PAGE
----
Nackenheim

Rothenberg

90 - 140 m in elevation, approx. 75 – 120% gradient, 8.38 classified hectares

The Rothenberg is situated at the northern end of the famous Roter Hang. Its steep slopes and southeast orientation provide the grapes with the benefits of the full morning sun, both from above and reflected off the surface of the Rhine from below. Interestingly, this exposure also lends the fruit a distinctive coolness.

Our parcel on the Rothenberg is perched like an eagle’s nest atop the slope. It is the steepest section of the Rothenberg and carries the name Kapellchen, or 'Little Chapel.' Like a classic Burgundian 'Clos,' the vineyard is enclosed within a stone wall.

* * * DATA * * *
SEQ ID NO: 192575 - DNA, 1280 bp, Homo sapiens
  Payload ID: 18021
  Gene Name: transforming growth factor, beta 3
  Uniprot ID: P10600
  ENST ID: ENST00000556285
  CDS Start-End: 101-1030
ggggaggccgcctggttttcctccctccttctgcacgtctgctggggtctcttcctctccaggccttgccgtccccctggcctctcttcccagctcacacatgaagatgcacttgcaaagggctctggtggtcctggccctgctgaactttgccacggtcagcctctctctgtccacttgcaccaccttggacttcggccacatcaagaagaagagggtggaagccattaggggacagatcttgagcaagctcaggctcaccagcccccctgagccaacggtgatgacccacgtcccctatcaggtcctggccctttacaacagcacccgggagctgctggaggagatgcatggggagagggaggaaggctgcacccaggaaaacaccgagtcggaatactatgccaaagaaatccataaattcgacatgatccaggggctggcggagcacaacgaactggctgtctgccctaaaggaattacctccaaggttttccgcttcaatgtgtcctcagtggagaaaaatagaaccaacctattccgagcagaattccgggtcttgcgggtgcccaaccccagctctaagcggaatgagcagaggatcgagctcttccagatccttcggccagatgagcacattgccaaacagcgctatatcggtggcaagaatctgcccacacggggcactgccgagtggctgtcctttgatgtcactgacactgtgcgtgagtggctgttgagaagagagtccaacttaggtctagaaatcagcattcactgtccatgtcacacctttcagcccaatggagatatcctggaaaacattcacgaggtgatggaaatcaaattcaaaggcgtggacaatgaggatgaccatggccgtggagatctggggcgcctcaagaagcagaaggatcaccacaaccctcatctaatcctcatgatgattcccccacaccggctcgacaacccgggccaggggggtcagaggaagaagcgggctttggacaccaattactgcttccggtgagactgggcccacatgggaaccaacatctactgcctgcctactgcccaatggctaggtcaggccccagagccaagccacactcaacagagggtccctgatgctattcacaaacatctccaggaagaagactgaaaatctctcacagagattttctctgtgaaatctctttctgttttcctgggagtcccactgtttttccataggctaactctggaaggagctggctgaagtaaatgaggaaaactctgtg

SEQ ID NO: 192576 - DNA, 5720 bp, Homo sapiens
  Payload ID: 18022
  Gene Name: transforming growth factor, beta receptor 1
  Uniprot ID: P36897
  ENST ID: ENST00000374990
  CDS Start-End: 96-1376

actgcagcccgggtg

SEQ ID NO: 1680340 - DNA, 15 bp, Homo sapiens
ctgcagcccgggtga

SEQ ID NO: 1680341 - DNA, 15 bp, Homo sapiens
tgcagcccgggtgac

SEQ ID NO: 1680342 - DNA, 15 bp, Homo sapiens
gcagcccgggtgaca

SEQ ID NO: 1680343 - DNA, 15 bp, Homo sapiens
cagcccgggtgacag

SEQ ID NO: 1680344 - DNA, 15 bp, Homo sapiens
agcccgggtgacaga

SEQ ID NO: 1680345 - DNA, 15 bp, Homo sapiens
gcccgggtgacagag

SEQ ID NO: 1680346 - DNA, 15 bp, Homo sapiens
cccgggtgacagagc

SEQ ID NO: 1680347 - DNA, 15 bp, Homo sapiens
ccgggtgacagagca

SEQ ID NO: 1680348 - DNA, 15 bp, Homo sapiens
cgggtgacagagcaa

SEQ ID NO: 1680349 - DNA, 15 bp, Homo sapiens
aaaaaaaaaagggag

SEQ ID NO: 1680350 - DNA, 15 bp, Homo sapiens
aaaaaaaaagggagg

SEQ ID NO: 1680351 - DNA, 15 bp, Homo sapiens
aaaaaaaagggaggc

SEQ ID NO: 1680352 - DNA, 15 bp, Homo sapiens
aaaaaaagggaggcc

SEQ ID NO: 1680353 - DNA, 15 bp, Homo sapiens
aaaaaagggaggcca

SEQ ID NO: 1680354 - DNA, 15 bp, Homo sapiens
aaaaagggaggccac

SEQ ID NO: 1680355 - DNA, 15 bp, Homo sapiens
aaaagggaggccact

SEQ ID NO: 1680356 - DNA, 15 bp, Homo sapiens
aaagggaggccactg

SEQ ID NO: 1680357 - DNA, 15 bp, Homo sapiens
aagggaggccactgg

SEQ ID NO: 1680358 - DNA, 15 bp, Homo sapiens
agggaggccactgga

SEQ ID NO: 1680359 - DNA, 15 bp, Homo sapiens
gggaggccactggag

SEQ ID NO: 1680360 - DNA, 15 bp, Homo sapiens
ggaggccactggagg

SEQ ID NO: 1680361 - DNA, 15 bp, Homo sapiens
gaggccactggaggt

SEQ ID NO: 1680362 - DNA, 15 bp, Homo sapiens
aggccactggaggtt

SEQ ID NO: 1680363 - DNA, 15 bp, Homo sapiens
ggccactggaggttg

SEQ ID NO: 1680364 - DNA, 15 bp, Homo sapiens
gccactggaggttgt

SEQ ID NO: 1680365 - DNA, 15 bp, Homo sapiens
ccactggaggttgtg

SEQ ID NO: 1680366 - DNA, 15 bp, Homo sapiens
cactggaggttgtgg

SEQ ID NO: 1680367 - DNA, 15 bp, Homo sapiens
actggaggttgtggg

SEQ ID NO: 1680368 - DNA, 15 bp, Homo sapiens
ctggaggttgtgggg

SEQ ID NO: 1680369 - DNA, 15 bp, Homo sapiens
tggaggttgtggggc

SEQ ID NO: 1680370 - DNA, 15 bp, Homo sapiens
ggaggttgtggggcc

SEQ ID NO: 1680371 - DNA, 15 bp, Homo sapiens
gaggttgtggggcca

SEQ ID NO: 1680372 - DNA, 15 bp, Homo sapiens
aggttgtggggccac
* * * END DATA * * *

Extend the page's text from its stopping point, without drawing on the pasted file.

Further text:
The Rothenberg name says it all: the red slate soils provide our Riesling grapes with a foundation so soft and porous that the roots can literally eat through the slate rock.

These certainly contain some of the oldest Riesling vines in all of Germany, predating the regulations put in place during the phylloxerra epidemic of the first half of the twentieth century. That’s why we call the wine 'wurzelecht,' meaning 'ungrafted.'

First mentioned as “in dem Rode” in 1364. While likely a reference to the color of the soil here, some hold that it may refer to the fact that the vineyard slope had just been tilled ('roden' in German.)